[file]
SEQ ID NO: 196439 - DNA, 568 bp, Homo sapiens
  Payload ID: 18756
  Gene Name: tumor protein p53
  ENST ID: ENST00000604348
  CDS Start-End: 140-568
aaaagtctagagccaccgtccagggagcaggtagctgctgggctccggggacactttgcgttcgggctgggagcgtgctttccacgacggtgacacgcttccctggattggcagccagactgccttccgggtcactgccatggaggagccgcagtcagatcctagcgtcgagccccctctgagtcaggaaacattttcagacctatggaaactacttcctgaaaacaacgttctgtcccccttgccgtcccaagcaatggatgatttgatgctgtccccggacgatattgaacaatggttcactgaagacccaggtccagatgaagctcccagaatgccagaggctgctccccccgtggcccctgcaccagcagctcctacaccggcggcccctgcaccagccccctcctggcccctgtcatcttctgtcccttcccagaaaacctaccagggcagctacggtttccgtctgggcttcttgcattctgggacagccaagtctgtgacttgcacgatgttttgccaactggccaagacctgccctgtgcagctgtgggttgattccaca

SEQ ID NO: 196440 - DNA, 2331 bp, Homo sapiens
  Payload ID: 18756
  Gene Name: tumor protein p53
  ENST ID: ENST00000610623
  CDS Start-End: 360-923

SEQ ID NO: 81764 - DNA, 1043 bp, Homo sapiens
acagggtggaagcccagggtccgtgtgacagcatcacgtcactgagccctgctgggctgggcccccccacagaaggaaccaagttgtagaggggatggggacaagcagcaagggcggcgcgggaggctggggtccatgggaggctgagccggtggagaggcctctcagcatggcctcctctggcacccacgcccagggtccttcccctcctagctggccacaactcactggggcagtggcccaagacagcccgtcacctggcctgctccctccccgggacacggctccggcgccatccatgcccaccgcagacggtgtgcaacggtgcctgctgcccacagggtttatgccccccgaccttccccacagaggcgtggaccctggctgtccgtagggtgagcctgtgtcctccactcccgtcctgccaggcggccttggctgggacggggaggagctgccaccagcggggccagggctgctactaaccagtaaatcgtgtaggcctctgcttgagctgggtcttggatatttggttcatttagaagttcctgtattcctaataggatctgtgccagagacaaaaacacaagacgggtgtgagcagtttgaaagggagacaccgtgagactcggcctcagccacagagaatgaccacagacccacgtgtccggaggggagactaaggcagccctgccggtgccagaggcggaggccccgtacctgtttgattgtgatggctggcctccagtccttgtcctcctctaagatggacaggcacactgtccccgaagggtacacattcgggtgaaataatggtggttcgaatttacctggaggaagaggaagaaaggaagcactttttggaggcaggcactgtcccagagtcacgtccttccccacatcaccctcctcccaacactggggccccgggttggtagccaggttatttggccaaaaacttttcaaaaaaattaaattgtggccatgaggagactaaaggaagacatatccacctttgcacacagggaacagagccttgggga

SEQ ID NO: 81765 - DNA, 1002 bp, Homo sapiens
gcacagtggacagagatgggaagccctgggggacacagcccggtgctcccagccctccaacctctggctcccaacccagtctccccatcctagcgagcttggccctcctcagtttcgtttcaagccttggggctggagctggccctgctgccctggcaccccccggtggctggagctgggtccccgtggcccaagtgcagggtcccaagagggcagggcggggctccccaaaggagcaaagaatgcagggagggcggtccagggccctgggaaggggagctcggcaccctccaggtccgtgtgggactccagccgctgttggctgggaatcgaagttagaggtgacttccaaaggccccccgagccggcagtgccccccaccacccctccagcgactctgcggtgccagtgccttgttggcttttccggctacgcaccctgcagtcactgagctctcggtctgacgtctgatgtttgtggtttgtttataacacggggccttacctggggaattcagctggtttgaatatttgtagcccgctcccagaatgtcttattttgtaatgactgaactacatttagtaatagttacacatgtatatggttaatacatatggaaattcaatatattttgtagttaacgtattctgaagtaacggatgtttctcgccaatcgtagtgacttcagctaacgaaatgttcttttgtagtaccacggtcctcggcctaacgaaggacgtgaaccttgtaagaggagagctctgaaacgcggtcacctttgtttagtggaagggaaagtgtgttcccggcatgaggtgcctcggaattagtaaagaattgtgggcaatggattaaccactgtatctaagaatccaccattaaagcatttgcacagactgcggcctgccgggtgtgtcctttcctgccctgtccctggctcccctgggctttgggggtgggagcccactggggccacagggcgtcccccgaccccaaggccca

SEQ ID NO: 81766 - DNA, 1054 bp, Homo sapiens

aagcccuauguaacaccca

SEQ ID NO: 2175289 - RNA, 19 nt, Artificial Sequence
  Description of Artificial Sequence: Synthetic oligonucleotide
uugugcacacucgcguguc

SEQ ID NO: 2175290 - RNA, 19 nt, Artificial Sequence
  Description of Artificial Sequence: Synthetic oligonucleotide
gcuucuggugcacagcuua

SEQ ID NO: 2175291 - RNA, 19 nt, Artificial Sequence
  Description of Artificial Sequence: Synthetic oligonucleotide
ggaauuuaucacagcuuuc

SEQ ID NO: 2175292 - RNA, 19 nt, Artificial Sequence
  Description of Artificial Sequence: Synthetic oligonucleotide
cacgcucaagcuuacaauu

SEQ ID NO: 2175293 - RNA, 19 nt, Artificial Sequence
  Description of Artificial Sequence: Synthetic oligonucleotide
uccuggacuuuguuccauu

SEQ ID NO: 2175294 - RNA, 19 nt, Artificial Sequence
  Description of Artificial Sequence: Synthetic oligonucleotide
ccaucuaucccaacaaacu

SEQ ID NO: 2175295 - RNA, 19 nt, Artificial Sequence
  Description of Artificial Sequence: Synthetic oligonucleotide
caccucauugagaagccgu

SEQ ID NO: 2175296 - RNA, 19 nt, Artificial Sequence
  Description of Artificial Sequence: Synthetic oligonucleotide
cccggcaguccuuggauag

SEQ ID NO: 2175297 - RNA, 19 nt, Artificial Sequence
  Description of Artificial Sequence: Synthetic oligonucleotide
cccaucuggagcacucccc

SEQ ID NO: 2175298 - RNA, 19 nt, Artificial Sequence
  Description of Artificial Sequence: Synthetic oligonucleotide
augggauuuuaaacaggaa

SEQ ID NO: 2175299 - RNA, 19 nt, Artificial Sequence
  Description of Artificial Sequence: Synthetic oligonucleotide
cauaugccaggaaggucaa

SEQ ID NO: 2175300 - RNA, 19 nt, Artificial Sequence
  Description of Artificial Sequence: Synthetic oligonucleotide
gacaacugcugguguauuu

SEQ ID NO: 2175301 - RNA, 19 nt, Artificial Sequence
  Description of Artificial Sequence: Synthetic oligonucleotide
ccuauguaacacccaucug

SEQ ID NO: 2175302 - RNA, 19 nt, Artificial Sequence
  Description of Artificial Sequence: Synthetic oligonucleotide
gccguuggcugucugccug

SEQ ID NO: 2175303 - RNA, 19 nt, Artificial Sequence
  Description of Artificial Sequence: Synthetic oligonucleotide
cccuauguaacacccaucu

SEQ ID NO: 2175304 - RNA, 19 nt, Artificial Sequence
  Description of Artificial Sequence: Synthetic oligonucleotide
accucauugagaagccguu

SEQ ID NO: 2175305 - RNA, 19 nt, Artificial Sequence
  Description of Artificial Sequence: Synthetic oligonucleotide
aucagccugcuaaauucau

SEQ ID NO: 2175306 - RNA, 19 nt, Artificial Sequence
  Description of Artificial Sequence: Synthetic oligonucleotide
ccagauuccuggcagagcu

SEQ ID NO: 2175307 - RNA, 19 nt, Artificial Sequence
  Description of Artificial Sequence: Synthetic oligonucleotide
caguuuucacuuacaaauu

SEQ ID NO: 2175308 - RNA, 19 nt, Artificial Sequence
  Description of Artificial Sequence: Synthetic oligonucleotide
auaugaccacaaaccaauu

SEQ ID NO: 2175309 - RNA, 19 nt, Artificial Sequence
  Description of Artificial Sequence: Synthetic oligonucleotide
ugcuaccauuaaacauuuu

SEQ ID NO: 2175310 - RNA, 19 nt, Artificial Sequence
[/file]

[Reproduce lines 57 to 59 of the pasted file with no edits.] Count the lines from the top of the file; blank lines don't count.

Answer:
SEQ ID NO: 2175302 - RNA, 19 nt, Artificial Sequence
  Description of Artificial Sequence: Synthetic oligonucleotide
gccguuggcugucugccug